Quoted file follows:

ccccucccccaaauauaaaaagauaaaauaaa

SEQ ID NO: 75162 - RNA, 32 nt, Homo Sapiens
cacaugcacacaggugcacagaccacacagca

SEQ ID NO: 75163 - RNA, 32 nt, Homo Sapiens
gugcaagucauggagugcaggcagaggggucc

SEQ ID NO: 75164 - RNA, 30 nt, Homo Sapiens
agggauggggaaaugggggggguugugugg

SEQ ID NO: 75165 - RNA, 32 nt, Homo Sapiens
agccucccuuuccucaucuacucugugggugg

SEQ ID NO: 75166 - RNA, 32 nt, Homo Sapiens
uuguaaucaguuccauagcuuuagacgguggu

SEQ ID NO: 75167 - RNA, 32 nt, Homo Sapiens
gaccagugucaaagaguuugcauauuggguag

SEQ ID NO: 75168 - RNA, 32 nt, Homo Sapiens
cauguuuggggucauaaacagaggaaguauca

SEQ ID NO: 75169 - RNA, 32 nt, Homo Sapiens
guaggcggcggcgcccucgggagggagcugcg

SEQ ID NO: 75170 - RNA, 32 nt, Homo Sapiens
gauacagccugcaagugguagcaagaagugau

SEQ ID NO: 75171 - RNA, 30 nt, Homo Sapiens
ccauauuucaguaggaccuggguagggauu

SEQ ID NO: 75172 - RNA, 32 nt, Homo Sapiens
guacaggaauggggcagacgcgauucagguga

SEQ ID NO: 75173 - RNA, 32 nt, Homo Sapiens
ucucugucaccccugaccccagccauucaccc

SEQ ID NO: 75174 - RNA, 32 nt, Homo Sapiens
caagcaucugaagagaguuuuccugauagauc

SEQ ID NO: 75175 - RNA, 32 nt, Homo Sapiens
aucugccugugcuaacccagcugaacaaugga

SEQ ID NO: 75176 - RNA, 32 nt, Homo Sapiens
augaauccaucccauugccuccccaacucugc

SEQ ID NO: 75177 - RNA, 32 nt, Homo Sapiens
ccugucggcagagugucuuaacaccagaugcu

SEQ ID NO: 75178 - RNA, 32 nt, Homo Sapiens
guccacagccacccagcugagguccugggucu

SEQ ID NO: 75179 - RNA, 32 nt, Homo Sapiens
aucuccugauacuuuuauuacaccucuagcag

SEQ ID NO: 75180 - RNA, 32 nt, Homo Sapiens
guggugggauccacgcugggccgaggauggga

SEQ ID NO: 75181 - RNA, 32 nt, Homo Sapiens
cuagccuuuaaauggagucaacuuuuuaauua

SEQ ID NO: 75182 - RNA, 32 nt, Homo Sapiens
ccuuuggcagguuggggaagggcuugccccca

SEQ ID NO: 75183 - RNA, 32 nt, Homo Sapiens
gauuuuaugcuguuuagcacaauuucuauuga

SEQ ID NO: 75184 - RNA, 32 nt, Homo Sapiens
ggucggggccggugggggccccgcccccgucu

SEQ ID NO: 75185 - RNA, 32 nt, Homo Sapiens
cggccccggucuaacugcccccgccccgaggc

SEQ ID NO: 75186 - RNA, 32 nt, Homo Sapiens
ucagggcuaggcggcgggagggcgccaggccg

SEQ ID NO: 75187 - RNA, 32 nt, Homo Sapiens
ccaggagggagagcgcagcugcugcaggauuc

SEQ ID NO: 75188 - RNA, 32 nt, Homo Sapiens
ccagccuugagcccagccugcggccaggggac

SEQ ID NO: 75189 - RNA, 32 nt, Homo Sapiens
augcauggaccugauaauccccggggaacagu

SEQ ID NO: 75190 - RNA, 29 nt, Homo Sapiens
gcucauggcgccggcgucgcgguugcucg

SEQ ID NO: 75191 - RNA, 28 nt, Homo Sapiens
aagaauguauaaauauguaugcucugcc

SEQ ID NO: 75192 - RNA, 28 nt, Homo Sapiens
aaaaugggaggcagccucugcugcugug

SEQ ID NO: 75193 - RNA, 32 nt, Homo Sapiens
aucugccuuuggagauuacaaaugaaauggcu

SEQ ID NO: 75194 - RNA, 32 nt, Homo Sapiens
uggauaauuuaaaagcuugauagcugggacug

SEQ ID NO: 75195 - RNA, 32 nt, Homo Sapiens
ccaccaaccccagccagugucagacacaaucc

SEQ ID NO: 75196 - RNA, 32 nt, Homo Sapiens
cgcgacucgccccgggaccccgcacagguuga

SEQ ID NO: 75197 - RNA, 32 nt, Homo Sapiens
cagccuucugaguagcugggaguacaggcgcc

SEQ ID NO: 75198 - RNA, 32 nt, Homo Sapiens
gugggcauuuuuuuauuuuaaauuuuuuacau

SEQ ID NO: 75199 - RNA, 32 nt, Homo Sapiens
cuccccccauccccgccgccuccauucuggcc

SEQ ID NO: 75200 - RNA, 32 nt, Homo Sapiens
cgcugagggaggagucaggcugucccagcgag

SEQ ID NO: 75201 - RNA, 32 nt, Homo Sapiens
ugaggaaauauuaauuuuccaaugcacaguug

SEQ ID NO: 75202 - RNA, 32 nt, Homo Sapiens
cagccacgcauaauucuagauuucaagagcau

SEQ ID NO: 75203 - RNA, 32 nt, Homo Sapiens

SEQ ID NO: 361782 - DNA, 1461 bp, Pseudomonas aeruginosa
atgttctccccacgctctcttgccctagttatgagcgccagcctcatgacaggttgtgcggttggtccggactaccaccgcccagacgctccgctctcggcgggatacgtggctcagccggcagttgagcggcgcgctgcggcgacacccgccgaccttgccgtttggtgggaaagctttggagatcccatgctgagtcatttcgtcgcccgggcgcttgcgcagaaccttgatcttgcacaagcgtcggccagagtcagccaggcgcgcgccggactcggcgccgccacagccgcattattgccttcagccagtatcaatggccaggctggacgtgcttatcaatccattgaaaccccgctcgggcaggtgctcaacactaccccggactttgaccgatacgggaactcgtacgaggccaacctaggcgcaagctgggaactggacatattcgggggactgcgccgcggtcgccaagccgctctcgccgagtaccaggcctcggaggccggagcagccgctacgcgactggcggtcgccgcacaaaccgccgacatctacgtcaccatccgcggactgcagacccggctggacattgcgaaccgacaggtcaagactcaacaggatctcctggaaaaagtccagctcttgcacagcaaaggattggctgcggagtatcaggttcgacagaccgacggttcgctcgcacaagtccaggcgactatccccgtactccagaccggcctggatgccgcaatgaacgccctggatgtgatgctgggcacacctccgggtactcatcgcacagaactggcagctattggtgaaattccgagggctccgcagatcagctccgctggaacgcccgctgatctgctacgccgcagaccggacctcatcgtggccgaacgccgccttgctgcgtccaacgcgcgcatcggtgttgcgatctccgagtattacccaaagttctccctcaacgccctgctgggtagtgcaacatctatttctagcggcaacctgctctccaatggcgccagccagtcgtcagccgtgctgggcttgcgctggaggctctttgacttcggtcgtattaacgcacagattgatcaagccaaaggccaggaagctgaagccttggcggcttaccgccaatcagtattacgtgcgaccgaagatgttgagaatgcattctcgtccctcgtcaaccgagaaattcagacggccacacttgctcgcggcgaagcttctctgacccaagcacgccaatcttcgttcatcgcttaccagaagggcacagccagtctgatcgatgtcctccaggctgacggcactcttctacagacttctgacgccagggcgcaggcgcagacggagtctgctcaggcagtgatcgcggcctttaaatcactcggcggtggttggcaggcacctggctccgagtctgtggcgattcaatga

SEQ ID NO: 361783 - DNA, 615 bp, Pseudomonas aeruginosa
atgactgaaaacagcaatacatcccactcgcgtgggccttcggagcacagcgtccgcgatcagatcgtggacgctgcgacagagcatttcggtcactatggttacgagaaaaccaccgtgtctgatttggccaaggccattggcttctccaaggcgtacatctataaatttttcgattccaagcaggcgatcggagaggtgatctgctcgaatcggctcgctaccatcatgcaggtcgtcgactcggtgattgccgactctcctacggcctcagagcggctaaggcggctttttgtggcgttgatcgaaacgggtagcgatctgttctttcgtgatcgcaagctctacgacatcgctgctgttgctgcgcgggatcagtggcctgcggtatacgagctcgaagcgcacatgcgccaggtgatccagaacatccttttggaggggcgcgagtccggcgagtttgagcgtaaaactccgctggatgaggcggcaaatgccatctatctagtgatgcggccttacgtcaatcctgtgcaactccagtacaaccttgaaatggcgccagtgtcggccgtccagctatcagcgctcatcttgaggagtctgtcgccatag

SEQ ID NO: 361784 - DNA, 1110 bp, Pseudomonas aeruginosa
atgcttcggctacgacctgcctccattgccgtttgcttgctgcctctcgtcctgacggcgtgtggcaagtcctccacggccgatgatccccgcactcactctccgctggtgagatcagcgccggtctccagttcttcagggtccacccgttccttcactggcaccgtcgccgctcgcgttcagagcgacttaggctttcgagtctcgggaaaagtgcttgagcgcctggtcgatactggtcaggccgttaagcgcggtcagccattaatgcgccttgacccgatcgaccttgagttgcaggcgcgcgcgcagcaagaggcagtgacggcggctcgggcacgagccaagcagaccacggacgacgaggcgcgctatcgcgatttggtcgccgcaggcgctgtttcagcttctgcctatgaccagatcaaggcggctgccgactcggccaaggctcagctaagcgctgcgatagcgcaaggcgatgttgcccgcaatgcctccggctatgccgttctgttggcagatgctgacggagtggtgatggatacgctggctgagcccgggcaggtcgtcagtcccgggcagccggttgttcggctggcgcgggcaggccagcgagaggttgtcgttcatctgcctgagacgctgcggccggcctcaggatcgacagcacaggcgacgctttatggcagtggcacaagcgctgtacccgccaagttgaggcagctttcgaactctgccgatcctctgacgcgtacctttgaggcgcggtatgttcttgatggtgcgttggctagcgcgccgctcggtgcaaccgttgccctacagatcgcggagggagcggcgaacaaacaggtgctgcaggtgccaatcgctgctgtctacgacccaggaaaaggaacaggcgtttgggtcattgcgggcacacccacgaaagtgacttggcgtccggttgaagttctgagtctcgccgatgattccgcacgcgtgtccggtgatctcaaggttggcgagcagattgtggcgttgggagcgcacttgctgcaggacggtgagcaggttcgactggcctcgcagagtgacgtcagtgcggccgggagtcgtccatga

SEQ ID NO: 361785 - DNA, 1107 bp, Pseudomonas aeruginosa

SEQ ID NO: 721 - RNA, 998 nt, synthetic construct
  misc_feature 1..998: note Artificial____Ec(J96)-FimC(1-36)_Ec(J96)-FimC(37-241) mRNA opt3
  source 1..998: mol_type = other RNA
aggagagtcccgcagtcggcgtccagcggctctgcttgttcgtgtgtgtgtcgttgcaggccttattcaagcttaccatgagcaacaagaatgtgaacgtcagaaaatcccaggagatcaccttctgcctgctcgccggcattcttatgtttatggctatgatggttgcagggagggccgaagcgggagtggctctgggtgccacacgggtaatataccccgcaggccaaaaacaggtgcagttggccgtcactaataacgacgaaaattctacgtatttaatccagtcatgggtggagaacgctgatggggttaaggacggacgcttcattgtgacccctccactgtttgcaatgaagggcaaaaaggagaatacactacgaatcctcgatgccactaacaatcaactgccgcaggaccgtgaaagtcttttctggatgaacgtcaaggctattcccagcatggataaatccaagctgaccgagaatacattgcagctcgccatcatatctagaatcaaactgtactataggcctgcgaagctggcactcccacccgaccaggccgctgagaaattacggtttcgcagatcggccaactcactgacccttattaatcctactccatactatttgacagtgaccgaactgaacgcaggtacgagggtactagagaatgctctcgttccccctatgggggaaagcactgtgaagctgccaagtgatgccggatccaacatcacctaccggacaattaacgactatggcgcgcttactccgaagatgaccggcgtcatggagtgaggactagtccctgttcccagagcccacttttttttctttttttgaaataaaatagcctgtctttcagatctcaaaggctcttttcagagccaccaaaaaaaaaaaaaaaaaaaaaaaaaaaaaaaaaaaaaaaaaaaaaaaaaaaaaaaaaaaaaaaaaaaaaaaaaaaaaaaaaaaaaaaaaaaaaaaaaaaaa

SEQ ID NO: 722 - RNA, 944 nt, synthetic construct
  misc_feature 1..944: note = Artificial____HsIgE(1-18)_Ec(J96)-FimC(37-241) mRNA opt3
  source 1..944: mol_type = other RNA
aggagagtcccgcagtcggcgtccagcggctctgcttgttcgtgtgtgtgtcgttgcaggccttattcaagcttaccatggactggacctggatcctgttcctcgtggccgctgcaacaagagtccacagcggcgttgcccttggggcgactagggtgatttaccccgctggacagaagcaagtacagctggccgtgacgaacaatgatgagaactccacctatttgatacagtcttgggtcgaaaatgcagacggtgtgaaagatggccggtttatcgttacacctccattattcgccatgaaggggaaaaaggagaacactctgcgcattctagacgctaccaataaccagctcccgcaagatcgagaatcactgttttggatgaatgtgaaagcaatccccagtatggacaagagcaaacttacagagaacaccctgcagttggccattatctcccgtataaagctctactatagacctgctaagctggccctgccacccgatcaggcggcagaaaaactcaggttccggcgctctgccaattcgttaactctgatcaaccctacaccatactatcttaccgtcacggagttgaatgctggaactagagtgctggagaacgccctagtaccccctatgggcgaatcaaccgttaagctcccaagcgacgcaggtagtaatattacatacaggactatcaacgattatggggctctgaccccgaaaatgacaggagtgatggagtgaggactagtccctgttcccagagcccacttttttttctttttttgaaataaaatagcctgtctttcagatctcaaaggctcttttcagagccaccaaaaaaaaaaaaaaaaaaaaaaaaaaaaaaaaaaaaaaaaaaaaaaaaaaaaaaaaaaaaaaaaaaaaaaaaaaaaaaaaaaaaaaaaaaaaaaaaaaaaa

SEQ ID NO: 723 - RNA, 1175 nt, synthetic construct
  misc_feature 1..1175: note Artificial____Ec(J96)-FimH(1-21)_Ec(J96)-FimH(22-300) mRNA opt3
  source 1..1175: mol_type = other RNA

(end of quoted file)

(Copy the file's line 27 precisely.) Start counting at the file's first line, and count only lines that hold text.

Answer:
caagcaucugaagagaguuuuccugauagauc